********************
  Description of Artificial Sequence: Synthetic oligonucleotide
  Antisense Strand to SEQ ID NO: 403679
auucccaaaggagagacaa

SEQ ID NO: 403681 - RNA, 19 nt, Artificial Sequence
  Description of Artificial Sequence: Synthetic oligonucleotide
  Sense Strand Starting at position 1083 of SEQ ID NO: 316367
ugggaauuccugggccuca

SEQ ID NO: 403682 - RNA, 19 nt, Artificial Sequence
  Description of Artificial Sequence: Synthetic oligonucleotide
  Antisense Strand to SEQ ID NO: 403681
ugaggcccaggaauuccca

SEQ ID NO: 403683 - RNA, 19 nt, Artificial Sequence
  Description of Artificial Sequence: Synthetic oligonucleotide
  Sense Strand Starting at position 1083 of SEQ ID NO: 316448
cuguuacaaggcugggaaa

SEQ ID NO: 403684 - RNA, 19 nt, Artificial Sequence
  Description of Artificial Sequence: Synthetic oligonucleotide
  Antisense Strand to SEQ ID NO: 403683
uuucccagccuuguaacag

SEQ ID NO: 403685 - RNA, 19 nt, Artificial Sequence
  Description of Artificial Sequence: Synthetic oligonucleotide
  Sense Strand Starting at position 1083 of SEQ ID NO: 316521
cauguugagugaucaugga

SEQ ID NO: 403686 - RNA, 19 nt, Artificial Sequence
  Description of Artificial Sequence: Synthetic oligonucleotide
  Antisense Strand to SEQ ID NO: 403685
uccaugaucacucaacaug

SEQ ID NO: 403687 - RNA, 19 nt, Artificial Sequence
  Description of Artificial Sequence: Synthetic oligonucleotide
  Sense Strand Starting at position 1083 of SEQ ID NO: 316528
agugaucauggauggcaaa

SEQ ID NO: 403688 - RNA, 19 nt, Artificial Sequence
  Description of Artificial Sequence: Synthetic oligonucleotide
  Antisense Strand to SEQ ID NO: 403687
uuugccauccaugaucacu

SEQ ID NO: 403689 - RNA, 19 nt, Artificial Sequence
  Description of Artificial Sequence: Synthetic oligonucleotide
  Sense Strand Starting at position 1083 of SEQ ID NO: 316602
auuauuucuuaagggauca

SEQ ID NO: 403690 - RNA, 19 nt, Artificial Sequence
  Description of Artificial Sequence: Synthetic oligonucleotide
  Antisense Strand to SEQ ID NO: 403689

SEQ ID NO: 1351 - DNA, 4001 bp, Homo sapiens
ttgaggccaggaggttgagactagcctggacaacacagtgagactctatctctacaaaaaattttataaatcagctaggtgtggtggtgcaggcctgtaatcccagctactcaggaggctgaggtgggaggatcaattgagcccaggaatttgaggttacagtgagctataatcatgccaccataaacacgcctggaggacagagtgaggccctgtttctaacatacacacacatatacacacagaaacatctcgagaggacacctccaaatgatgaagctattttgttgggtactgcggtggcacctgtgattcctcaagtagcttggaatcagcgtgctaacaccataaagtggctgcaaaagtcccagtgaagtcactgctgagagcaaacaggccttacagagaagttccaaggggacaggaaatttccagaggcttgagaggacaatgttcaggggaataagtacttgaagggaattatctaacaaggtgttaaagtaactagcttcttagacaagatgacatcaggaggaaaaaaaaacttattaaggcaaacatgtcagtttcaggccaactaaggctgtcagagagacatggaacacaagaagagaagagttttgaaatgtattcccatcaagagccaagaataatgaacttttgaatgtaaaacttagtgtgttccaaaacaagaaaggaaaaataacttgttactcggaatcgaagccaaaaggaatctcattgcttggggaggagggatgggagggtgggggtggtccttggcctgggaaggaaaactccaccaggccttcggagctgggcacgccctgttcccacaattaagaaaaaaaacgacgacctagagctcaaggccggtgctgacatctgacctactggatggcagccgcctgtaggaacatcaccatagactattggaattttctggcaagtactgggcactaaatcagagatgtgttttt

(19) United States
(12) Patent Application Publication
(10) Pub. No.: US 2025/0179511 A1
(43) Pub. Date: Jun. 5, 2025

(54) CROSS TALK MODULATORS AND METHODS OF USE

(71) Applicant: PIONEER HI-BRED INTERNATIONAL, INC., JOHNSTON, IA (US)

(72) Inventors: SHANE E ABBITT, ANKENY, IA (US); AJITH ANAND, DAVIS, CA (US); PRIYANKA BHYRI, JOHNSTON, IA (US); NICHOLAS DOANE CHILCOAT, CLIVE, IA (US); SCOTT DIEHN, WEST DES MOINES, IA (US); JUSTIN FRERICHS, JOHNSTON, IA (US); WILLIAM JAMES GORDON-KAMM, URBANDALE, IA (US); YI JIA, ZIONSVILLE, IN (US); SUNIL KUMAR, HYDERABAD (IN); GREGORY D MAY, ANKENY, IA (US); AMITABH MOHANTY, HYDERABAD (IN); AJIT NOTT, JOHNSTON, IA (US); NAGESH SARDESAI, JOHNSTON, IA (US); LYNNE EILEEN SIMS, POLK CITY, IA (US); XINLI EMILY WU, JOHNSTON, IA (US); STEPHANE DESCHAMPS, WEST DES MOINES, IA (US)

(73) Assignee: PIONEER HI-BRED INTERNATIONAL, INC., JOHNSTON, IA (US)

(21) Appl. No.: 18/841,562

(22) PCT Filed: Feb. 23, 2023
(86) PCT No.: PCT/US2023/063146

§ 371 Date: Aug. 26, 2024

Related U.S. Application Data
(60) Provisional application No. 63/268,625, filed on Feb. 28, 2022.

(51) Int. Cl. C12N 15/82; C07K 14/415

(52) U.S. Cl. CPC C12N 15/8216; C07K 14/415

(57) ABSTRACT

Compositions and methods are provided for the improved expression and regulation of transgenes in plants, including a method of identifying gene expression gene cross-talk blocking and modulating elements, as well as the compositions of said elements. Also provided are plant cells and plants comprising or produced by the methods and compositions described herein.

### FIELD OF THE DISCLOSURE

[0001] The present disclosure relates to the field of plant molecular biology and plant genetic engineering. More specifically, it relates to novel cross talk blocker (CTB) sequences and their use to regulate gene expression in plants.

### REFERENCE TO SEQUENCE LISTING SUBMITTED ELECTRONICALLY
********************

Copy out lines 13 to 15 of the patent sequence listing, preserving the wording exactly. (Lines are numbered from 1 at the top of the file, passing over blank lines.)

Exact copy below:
  Description of Artificial Sequence: Synthetic oligonucleotide
  Sense Strand Starting at position 1083 of SEQ ID NO: 316448
cuguuacaaggcugggaaa